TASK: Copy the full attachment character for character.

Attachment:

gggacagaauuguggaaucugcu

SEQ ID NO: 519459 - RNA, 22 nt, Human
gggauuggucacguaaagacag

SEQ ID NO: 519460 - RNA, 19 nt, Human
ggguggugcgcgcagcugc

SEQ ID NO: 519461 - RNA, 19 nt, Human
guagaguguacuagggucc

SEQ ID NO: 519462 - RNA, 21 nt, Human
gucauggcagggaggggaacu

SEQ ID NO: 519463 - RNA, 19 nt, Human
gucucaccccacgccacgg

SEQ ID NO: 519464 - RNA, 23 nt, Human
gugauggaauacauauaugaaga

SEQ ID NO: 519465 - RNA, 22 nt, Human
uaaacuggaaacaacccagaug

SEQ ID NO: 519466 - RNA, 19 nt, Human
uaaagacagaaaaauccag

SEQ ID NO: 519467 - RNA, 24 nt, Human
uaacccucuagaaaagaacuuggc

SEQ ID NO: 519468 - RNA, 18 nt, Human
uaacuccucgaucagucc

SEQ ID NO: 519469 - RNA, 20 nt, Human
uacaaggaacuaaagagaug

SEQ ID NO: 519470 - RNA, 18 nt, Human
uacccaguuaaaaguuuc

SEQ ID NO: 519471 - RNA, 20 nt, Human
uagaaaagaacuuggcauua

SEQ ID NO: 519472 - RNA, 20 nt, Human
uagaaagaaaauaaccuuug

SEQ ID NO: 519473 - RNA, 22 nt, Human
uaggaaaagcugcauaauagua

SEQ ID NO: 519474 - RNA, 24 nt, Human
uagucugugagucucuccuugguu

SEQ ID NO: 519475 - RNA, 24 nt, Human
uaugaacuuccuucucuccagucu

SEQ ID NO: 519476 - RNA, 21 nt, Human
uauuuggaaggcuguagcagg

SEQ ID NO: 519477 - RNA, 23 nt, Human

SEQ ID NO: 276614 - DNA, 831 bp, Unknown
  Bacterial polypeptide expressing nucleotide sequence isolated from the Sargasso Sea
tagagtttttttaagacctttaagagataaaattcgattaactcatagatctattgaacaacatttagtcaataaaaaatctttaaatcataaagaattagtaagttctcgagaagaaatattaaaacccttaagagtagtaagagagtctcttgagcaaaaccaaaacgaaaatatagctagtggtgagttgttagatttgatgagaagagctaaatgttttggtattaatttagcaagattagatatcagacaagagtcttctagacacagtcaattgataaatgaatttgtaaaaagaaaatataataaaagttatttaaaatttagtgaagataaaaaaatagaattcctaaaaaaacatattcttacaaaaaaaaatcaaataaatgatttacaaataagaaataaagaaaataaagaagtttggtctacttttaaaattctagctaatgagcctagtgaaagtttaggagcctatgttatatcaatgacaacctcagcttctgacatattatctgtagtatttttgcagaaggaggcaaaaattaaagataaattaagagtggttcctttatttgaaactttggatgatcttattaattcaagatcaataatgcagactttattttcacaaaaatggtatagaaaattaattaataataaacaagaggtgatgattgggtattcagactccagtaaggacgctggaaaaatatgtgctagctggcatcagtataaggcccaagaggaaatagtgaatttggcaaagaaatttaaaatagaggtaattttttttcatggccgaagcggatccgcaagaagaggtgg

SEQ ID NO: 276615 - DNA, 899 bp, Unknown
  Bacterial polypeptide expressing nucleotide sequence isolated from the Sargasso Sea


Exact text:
gggacagaauuguggaaucugcu

SEQ ID NO: 519459 - RNA, 22 nt, Human
gggauuggucacguaaagacag

SEQ ID NO: 519460 - RNA, 19 nt, Human
ggguggugcgcgcagcugc

SEQ ID NO: 519461 - RNA, 19 nt, Human
guagaguguacuagggucc

SEQ ID NO: 519462 - RNA, 21 nt, Human
gucauggcagggaggggaacu

SEQ ID NO: 519463 - RNA, 19 nt, Human
gucucaccccacgccacgg

SEQ ID NO: 519464 - RNA, 23 nt, Human
gugauggaauacauauaugaaga

SEQ ID NO: 519465 - RNA, 22 nt, Human
uaaacuggaaacaacccagaug

SEQ ID NO: 519466 - RNA, 19 nt, Human
uaaagacagaaaaauccag

SEQ ID NO: 519467 - RNA, 24 nt, Human
uaacccucuagaaaagaacuuggc

SEQ ID NO: 519468 - RNA, 18 nt, Human
uaacuccucgaucagucc

SEQ ID NO: 519469 - RNA, 20 nt, Human
uacaaggaacuaaagagaug

SEQ ID NO: 519470 - RNA, 18 nt, Human
uacccaguuaaaaguuuc

SEQ ID NO: 519471 - RNA, 20 nt, Human
uagaaaagaacuuggcauua

SEQ ID NO: 519472 - RNA, 20 nt, Human
uagaaagaaaauaaccuuug

SEQ ID NO: 519473 - RNA, 22 nt, Human
uaggaaaagcugcauaauagua

SEQ ID NO: 519474 - RNA, 24 nt, Human
uagucugugagucucuccuugguu

SEQ ID NO: 519475 - RNA, 24 nt, Human
uaugaacuuccuucucuccagucu

SEQ ID NO: 519476 - RNA, 21 nt, Human
uauuuggaaggcuguagcagg

SEQ ID NO: 519477 - RNA, 23 nt, Human

SEQ ID NO: 276614 - DNA, 831 bp, Unknown
  Bacterial polypeptide expressing nucleotide sequence isolated from the Sargasso Sea
tagagtttttttaagacctttaagagataaaattcgattaactcatagatctattgaacaacatttagtcaataaaaaatctttaaatcataaagaattagtaagttctcgagaagaaatattaaaacccttaagagtagtaagagagtctcttgagcaaaaccaaaacgaaaatatagctagtggtgagttgttagatttgatgagaagagctaaatgttttggtattaatttagcaagattagatatcagacaagagtcttctagacacagtcaattgataaatgaatttgtaaaaagaaaatataataaaagttatttaaaatttagtgaagataaaaaaatagaattcctaaaaaaacatattcttacaaaaaaaaatcaaataaatgatttacaaataagaaataaagaaaataaagaagtttggtctacttttaaaattctagctaatgagcctagtgaaagtttaggagcctatgttatatcaatgacaacctcagcttctgacatattatctgtagtatttttgcagaaggaggcaaaaattaaagataaattaagagtggttcctttatttgaaactttggatgatcttattaattcaagatcaataatgcagactttattttcacaaaaatggtatagaaaattaattaataataaacaagaggtgatgattgggtattcagactccagtaaggacgctggaaaaatatgtgctagctggcatcagtataaggcccaagaggaaatagtgaatttggcaaagaaatttaaaatagaggtaattttttttcatggccgaagcggatccgcaagaagaggtgg

SEQ ID NO: 276615 - DNA, 899 bp, Unknown
  Bacterial polypeptide expressing nucleotide sequence isolated from the Sargasso Sea